Immigration Puts Trump’s Legacy at Risk
Our mainstream media remain consumed with the grisly killing of Washington Post columnist Jamal Khashoggi in the Saudi consulate in Istanbul, and how President Donald Trump will deal with Crown Prince Mohammed bin Salman.
Understandably so, for this is the most riveting murder story since O.J. Simpson and has strategic implications across the Middle East.
Yet far more critical to the future of our civilization is the ongoing invasion of the West from the Third World.
Consider the impact of the decision by Chancellor Angela Merkel in 2015 to throw open Germany’s doors to one million refugees from Syria’s civil war.
Last weekend, in a crushing blow to Merkel, the Christian Social Union, the Bavarian sister party of her CDU, won its smallest share of the vote in half a century, 37 percent. Her coalition party, the SPD, saw its share of the Bavarian vote fall to a historic low of less than 10 percent.
The right-wing Alternative for Deutschland saw its support rise to 10 percent and has become a force in German politics. Some conservatives are urging the CDU to adopt the AfD’s hard line on illegal immigration.
The message sent by the Bavarian electorate is the message voters across Europe have been sending to their own capitals for years: you are failing in your first duty, defense of the homeland from foreign invasion. The mass migration of unassimilable peoples and cultures from the global south represents an existential threat to our Europe.
As Merkel’s chancellorship approaches its end, French President Emmanuel Macron, her progressive EU partner, has seen his approval rating fall to below 30 percent.
The U.S.-led NATO alliance may guard the Baltic and Black Sea regions against a Russian invasion from the east. But in Central, Southern, and Western Europe, the more feared invaders are the peoples of Africa and the Muslim world, whose numbers are expected to triple or quadruple by this century’s end.
And as their numbers grow, so, too, does their desperation to escape—even at risk of their lives, the poverty, wars, and repression of their homelands—to cross the Med and fill the empty spaces left by a depopulating Europe.
It also now appears that the U.S. elections, not three weeks away, may be affected by another immigration crisis on the southern border.
As of Thursday, a caravan of 4,000 refugees without visas had crossed from Honduras into Guatemala and was heading toward Mexico. By Election Day, it will either have been stopped or it will be here. And this caravan is a portent of things to come.
According to the Washington Post, during fiscal year 2018, which ended last month, 107,212 members of “family units” crossed over into the U.S., “obliterating the previous record of 77,857 set in 2016.”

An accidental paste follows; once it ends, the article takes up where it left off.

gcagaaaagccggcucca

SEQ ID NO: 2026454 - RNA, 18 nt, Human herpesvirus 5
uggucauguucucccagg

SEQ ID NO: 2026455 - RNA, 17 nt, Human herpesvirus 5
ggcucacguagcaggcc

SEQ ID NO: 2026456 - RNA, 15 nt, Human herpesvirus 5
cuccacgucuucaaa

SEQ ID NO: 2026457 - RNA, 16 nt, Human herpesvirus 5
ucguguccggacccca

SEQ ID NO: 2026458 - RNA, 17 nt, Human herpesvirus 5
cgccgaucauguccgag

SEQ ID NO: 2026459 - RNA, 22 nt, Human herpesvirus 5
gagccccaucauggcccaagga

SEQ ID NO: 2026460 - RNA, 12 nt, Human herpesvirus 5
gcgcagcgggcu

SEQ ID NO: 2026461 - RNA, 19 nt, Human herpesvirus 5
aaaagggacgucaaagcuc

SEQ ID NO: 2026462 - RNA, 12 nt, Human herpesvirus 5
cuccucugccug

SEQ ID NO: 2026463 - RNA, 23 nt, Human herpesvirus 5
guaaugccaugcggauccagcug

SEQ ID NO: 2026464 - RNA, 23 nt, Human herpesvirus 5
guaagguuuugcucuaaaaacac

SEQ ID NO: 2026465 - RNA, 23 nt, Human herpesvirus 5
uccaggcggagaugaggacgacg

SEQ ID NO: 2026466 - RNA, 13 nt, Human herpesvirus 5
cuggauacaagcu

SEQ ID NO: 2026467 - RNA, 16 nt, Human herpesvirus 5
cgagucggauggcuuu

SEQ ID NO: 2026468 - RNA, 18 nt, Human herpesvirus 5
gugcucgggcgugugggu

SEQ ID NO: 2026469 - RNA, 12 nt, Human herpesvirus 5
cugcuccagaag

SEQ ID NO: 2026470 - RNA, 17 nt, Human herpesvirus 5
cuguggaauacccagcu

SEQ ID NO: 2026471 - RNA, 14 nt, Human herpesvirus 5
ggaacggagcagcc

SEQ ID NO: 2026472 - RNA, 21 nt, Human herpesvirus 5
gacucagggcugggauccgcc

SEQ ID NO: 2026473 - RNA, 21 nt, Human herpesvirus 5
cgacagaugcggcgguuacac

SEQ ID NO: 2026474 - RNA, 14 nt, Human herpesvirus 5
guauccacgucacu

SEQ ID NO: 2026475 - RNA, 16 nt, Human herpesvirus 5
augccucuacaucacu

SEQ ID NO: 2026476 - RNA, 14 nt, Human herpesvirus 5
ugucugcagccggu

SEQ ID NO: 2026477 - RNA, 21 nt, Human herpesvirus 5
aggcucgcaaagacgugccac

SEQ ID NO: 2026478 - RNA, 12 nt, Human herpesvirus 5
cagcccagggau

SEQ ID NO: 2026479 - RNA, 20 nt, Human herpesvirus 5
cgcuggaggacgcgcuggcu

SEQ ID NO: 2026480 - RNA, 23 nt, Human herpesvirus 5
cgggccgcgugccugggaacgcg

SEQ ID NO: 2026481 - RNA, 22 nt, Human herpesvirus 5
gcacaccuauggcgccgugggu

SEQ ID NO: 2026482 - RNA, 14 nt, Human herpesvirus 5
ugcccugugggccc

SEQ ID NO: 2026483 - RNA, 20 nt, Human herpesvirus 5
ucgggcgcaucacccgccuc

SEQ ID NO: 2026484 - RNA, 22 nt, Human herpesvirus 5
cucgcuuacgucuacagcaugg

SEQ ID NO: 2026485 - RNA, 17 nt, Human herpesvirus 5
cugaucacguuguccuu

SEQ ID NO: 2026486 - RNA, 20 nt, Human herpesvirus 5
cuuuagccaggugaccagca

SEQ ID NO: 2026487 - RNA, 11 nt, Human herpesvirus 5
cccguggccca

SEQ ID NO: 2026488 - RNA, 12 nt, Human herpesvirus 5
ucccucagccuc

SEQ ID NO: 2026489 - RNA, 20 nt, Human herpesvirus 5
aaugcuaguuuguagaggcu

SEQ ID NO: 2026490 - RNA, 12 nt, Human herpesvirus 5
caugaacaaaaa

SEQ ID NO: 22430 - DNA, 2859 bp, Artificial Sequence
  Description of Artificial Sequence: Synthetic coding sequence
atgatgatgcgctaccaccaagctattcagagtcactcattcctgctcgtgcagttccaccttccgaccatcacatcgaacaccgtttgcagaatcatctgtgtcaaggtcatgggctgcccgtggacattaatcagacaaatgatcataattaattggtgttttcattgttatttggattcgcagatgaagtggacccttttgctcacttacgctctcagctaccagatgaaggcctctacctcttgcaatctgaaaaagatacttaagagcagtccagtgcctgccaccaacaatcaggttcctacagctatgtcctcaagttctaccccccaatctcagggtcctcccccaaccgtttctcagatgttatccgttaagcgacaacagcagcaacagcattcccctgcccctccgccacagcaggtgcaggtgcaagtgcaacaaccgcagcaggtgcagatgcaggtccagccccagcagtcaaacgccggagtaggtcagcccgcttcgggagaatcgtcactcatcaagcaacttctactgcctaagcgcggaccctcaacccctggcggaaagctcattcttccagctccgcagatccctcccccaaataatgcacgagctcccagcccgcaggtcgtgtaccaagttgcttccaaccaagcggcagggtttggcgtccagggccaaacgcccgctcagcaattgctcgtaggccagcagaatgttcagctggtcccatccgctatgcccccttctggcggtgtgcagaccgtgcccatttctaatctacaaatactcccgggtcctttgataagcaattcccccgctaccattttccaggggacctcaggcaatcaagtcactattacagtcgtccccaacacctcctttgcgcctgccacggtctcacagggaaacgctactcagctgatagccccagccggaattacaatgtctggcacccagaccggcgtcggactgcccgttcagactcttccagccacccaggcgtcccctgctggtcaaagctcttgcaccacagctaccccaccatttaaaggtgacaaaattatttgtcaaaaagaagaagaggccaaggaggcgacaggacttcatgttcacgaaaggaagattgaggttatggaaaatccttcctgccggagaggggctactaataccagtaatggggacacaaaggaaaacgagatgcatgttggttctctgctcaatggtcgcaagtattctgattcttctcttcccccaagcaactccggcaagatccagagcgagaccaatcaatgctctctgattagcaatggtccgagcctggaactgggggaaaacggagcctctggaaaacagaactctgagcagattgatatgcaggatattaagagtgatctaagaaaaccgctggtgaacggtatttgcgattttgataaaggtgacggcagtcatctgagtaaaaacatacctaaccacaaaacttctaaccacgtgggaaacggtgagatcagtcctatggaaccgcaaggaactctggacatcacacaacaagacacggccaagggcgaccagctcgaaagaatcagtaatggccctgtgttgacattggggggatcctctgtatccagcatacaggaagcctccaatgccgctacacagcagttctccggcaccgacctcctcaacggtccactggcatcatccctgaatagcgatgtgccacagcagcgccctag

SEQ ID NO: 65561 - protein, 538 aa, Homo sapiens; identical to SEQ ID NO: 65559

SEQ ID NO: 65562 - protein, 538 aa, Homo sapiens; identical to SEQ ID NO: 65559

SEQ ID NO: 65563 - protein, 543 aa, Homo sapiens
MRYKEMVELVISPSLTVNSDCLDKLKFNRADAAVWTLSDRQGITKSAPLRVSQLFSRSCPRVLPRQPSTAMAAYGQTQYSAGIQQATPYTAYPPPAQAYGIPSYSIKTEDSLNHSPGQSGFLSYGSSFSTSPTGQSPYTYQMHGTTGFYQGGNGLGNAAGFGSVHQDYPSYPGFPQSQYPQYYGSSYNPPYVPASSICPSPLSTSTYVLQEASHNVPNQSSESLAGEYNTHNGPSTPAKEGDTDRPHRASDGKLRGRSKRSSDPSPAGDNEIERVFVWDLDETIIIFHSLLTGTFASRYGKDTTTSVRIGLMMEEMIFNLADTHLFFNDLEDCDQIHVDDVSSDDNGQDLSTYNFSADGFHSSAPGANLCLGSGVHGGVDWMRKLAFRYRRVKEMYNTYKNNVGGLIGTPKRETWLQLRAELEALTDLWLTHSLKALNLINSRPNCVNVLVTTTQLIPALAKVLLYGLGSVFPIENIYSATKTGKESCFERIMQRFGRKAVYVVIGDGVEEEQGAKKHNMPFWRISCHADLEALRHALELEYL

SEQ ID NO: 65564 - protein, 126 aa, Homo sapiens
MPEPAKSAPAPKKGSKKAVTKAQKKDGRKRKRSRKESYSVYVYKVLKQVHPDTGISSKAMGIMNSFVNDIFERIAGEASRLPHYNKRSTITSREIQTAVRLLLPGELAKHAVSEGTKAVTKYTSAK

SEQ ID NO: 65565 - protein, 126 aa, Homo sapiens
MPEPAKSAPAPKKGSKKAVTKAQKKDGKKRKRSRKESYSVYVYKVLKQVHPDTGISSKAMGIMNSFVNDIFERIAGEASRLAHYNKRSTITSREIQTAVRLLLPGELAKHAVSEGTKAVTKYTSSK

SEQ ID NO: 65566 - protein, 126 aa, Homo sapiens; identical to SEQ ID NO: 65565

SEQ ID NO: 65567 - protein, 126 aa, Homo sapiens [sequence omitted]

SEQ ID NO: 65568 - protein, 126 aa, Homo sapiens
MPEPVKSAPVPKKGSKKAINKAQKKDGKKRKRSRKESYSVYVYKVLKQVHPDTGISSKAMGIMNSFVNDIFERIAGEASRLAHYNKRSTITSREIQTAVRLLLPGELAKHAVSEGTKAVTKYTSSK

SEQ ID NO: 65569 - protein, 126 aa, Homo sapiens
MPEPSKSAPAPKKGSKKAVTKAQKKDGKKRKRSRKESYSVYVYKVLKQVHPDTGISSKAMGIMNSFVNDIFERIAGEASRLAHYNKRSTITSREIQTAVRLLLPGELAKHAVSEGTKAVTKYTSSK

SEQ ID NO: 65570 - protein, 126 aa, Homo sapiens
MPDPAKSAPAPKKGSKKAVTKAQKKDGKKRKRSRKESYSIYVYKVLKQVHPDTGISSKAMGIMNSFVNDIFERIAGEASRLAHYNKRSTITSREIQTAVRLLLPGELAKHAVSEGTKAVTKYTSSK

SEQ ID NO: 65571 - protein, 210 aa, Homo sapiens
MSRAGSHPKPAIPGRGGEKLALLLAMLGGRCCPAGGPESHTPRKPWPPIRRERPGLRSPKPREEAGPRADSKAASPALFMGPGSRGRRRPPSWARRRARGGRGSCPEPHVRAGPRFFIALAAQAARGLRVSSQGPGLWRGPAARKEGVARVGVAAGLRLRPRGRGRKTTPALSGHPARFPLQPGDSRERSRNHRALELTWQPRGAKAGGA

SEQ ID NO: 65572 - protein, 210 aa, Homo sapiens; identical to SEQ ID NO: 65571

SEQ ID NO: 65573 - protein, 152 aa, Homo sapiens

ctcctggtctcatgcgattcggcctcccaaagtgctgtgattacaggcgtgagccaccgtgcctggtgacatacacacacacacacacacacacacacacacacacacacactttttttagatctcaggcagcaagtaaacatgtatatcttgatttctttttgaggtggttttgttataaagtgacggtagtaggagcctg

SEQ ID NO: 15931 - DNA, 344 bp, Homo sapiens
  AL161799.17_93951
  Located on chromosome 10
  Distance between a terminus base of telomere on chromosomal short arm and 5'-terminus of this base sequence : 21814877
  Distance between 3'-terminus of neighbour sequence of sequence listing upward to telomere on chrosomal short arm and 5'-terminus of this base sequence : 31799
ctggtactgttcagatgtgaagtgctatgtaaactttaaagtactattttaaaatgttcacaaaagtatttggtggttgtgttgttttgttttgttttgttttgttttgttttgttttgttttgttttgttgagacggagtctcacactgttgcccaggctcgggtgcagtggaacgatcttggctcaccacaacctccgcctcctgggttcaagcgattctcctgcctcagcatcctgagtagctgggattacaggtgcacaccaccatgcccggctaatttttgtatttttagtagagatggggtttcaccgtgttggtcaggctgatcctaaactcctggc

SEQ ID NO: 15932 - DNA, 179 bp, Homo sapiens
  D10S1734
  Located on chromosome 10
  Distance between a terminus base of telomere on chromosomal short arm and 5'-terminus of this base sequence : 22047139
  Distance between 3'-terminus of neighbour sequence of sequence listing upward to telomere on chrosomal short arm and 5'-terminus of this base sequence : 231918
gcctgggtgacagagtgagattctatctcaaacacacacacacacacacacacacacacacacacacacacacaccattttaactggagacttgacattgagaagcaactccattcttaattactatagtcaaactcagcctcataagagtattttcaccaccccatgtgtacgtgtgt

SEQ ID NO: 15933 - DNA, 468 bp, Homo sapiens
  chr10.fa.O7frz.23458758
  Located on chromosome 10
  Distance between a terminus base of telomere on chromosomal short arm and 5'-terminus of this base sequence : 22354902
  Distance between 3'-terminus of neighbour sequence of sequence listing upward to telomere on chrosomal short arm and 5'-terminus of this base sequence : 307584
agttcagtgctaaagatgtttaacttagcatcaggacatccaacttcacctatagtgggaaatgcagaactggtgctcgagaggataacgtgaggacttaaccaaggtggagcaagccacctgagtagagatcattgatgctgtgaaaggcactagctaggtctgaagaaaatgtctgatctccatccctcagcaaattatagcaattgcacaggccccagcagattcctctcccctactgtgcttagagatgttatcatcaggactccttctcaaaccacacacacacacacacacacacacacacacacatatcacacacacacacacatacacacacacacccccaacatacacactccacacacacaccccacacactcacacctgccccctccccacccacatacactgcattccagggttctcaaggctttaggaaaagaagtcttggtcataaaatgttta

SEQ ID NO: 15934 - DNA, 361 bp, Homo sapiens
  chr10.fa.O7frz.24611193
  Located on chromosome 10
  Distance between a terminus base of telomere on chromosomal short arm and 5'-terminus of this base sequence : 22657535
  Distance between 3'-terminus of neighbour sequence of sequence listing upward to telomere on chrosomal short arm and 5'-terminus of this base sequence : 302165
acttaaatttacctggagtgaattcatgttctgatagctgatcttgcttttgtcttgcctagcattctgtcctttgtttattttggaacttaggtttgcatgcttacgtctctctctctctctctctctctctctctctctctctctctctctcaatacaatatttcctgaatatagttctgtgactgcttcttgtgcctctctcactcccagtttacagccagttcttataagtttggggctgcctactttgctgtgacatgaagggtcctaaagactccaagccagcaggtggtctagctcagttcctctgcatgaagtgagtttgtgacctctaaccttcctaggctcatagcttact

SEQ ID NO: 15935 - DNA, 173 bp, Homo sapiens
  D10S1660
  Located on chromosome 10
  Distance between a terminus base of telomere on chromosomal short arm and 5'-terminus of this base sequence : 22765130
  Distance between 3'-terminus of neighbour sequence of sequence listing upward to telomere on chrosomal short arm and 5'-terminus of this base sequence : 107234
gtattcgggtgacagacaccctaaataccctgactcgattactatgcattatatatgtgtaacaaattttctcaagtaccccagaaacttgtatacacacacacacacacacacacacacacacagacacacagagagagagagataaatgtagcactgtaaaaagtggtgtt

Citing DHS figures, the Post adds, “Border patrol agents arrested 16,658 family members in September alone, the highest one-month total on record and an 80 percent increase from July.”
When Trump, under intense political fire, ended his “zero tolerance” policy of separating refugees from their children, this message went out to Mexico and Central America: bring your kids with you when you cross the border. They will have to stay with you and they cannot be held for more than 20 days. When they are released, you will be released to await a hearing on your claim of asylum. The odds are excellent that you can then vanish into the U.S. population and never be sent back.
Enraged, Trump has threatened to cut off aid to El Salvador, Honduras, and Guatemala if they do not stop the caravans and has warned Mexico he will use the U.S. military to secure our border.
Unwanted mass migration is the issue of our time, as there is no foreseeable end to it before it alters America irremediably.
As these migrants are almost all poor, low-skilled, and not fluent in English, most will join that segment of our population that pays no income taxes but qualifies for social welfare benefits like food stamps, medical care, and free education in our public schools.
They are thus a net drain on the resources of a nation that is already, at full employment, running a deficit of $779 billion a year.
These migrants, however, are a present and future benefit to the Democratic Party that built and maintains our mammoth welfare state, and which, in presidential elections, routinely wins 70 to 90 percent of the votes of people who trace their ancestry to Asia, Africa, and Latin America.
Not without reason, Democrats believe that if they can change the composition of the American electorate, they can control America forever.
If Donald Trump was elected on any one issue, it was immigration and his promises to secure the border, build the wall, and halt the invasion.
How he deals with the impending crisis of the migrant caravan may affect both the fate of his party in November and his presidency in 2020.
Patrick J. Buchanan is the author of Nixon’s White House Wars: The Battles That Made and Broke a President and Divided America Forever. To find out more about Patrick Buchanan and read features by other Creators writers and cartoonists, visit the Creators website at www.creators.com.